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This season, we have seen a plethora of underperforming St. Louis Cardinals’ hitters, especially with a few of our outfielders.

With all the injuries and personal issues regarding Stephen Piscotty, he has been a shell of himself from a year ago.

Also, Randal Grichuk has not shown the improvement we wanted in plate discipline, which for a better part of the season has placed us in a tough spot.

First analytically, let us look further into the value of our outfielders this season. When we search the players record in games they have played and achieved a hit in, it becomes even more clear who the odd man out should be.

Tommy Pham is having a spectacular season and he is 35-24 in games when he gets a hit. Jose Martinez is 22-13 when he gets a hit. Randal Grichuk is 29-15 when he gets a hit. Dexter Fowler is 25-23 when he gets a hit. Last, and least, Stephen Piscotty is 19-24 when he gets a hit.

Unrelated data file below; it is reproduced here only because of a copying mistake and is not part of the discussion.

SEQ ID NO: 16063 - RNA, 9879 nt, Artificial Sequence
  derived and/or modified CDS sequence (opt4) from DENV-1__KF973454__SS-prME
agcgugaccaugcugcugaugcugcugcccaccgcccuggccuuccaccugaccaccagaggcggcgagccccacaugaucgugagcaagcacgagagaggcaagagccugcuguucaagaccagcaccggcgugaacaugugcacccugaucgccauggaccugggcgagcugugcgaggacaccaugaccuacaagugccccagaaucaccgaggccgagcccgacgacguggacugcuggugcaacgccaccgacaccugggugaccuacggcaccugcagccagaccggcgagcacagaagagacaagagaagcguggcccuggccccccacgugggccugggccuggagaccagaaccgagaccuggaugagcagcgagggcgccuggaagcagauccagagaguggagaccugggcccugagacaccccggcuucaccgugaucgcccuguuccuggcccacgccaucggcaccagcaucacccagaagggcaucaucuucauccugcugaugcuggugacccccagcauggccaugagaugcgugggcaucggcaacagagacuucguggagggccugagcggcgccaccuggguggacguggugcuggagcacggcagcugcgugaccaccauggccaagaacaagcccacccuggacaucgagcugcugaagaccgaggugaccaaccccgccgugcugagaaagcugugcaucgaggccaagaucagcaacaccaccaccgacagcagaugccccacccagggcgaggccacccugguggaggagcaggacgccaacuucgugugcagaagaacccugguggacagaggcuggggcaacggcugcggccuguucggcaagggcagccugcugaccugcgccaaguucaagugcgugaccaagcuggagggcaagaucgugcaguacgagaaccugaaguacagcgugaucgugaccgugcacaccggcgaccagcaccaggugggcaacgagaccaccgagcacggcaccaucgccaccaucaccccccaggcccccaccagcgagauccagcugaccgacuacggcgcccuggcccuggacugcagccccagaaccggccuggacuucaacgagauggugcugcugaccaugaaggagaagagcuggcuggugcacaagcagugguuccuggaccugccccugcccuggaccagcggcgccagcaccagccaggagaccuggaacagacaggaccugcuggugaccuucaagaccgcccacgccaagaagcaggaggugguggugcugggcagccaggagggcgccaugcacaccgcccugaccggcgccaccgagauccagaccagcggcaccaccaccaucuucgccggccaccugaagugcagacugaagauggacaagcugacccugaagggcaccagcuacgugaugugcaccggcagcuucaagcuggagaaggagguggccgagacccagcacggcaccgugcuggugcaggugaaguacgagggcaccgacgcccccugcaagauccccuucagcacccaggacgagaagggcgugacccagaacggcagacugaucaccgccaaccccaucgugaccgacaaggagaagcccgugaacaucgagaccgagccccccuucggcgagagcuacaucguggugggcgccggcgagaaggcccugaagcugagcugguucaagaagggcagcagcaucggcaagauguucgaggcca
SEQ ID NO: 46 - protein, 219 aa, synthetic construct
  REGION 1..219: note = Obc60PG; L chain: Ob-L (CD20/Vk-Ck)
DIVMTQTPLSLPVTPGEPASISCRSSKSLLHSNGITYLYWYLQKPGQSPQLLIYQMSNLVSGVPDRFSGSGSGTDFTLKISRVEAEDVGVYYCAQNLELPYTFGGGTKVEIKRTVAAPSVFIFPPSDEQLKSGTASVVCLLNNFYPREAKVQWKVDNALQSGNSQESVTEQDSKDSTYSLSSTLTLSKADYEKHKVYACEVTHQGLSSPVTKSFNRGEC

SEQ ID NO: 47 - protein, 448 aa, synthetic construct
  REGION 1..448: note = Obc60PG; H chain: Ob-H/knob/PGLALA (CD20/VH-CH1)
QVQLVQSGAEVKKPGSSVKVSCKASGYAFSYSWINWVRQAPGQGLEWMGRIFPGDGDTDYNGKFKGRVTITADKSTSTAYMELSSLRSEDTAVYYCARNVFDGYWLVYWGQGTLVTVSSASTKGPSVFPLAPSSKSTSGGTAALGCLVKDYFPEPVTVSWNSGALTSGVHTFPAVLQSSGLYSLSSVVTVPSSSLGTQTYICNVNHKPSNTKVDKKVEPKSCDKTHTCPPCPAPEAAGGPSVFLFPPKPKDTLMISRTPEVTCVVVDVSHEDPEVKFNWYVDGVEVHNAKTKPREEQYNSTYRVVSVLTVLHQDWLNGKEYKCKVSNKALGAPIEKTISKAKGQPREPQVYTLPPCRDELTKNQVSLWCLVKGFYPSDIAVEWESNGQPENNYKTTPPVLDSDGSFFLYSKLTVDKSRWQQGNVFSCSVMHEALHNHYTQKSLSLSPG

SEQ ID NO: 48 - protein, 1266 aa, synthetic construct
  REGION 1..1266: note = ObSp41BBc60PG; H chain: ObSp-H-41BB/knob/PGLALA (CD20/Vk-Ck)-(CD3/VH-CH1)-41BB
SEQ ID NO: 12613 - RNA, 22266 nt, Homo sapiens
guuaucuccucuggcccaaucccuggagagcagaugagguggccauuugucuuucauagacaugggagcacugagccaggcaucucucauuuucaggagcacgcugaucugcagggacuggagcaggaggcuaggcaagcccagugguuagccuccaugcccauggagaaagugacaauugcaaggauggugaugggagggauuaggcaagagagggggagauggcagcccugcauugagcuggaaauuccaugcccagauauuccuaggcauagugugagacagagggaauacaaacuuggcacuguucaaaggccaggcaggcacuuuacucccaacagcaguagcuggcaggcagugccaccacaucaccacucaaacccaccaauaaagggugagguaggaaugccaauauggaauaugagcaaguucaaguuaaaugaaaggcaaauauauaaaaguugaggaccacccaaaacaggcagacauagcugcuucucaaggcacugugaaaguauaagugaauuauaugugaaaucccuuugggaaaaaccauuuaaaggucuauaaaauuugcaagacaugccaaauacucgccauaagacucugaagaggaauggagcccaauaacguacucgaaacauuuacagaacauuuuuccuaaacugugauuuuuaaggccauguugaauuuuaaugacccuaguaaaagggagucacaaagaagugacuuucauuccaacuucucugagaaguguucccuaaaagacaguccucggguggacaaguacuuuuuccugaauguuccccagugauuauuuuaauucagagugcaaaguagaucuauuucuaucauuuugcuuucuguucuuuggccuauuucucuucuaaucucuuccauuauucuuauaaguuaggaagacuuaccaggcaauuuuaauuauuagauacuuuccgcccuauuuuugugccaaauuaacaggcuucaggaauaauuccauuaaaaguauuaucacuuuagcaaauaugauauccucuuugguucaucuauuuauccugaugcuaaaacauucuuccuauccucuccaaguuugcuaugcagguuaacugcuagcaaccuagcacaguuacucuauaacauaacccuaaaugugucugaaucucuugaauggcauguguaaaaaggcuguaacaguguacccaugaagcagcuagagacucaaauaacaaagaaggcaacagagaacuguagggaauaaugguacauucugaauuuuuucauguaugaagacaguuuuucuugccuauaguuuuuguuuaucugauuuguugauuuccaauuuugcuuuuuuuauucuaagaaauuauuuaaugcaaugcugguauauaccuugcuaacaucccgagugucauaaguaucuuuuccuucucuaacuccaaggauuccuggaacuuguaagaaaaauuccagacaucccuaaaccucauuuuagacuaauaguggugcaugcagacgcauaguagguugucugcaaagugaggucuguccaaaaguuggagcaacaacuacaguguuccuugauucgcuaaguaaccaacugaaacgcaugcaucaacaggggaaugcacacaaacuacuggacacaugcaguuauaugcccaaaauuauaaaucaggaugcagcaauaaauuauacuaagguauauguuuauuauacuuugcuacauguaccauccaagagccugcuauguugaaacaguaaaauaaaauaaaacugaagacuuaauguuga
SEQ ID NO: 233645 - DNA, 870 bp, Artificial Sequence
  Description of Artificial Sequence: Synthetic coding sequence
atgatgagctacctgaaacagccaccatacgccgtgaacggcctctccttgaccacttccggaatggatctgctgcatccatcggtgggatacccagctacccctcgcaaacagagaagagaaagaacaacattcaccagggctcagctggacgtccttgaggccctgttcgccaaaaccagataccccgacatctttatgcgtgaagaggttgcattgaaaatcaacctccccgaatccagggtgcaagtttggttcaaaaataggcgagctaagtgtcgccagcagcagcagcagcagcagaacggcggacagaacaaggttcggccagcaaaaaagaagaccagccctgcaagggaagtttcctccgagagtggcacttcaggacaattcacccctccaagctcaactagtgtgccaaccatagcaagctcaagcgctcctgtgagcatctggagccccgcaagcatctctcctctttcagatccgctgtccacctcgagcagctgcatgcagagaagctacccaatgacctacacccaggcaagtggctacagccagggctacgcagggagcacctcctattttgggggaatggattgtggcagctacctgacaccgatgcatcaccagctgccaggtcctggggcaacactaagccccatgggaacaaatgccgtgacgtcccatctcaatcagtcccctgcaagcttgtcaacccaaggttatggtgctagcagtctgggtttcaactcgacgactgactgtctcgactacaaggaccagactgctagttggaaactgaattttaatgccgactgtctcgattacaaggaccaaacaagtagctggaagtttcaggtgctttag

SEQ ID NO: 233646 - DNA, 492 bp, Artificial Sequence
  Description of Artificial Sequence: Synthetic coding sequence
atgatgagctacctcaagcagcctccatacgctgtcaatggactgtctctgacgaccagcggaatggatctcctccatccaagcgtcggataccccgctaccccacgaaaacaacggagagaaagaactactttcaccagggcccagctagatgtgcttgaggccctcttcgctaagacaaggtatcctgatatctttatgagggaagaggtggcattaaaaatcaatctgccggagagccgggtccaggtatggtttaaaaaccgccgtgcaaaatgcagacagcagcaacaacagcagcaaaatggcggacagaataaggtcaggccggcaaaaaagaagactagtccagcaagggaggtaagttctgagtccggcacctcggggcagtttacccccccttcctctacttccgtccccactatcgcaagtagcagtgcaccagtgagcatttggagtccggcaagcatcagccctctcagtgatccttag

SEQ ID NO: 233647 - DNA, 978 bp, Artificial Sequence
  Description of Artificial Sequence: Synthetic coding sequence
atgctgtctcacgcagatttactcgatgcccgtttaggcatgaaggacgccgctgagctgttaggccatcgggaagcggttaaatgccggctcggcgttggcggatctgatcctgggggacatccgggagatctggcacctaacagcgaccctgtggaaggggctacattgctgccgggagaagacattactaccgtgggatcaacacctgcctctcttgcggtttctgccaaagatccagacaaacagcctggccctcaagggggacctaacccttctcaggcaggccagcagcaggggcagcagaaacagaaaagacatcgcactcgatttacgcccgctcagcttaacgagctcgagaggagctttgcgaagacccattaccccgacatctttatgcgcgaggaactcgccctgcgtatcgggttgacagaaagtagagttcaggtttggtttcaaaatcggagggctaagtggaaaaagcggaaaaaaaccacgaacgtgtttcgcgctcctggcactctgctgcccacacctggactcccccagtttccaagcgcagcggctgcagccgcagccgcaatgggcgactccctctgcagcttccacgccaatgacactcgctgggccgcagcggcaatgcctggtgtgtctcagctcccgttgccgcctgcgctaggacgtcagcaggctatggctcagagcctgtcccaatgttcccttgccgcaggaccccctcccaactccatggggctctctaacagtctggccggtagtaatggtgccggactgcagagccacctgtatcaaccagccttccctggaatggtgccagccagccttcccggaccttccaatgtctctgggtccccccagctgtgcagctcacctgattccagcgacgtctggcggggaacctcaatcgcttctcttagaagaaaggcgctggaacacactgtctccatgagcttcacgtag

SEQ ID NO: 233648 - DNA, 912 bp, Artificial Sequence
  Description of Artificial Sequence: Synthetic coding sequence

That can show a multitude of things, but I think it highlights something more than anything else. Stephen Piscotty was a drag in the lineup even when he got hits. He was just plain unproductive, and showed no power, slugging .362.

Also, having an OPS of .702 is well below the Major League average. Placing him in the middle of the order was simply a bad move by Matheny. It was a major factor in our power outage as a team.

Clearly, Dexter Fowler is not “knocking the ball out of the park” so-to-speak, but he is an upgrade. I also do not believe we have seen what a healthy Fowler can do, so I would expect the former catalyst of the defending champions offense to spark ours for the remainder of the season as well.

The next piece of analytics with the outfield I would like to share is my Predator Run Index (PRI). This differs from my Predator Power Index (PPI) mentioned in my previous article.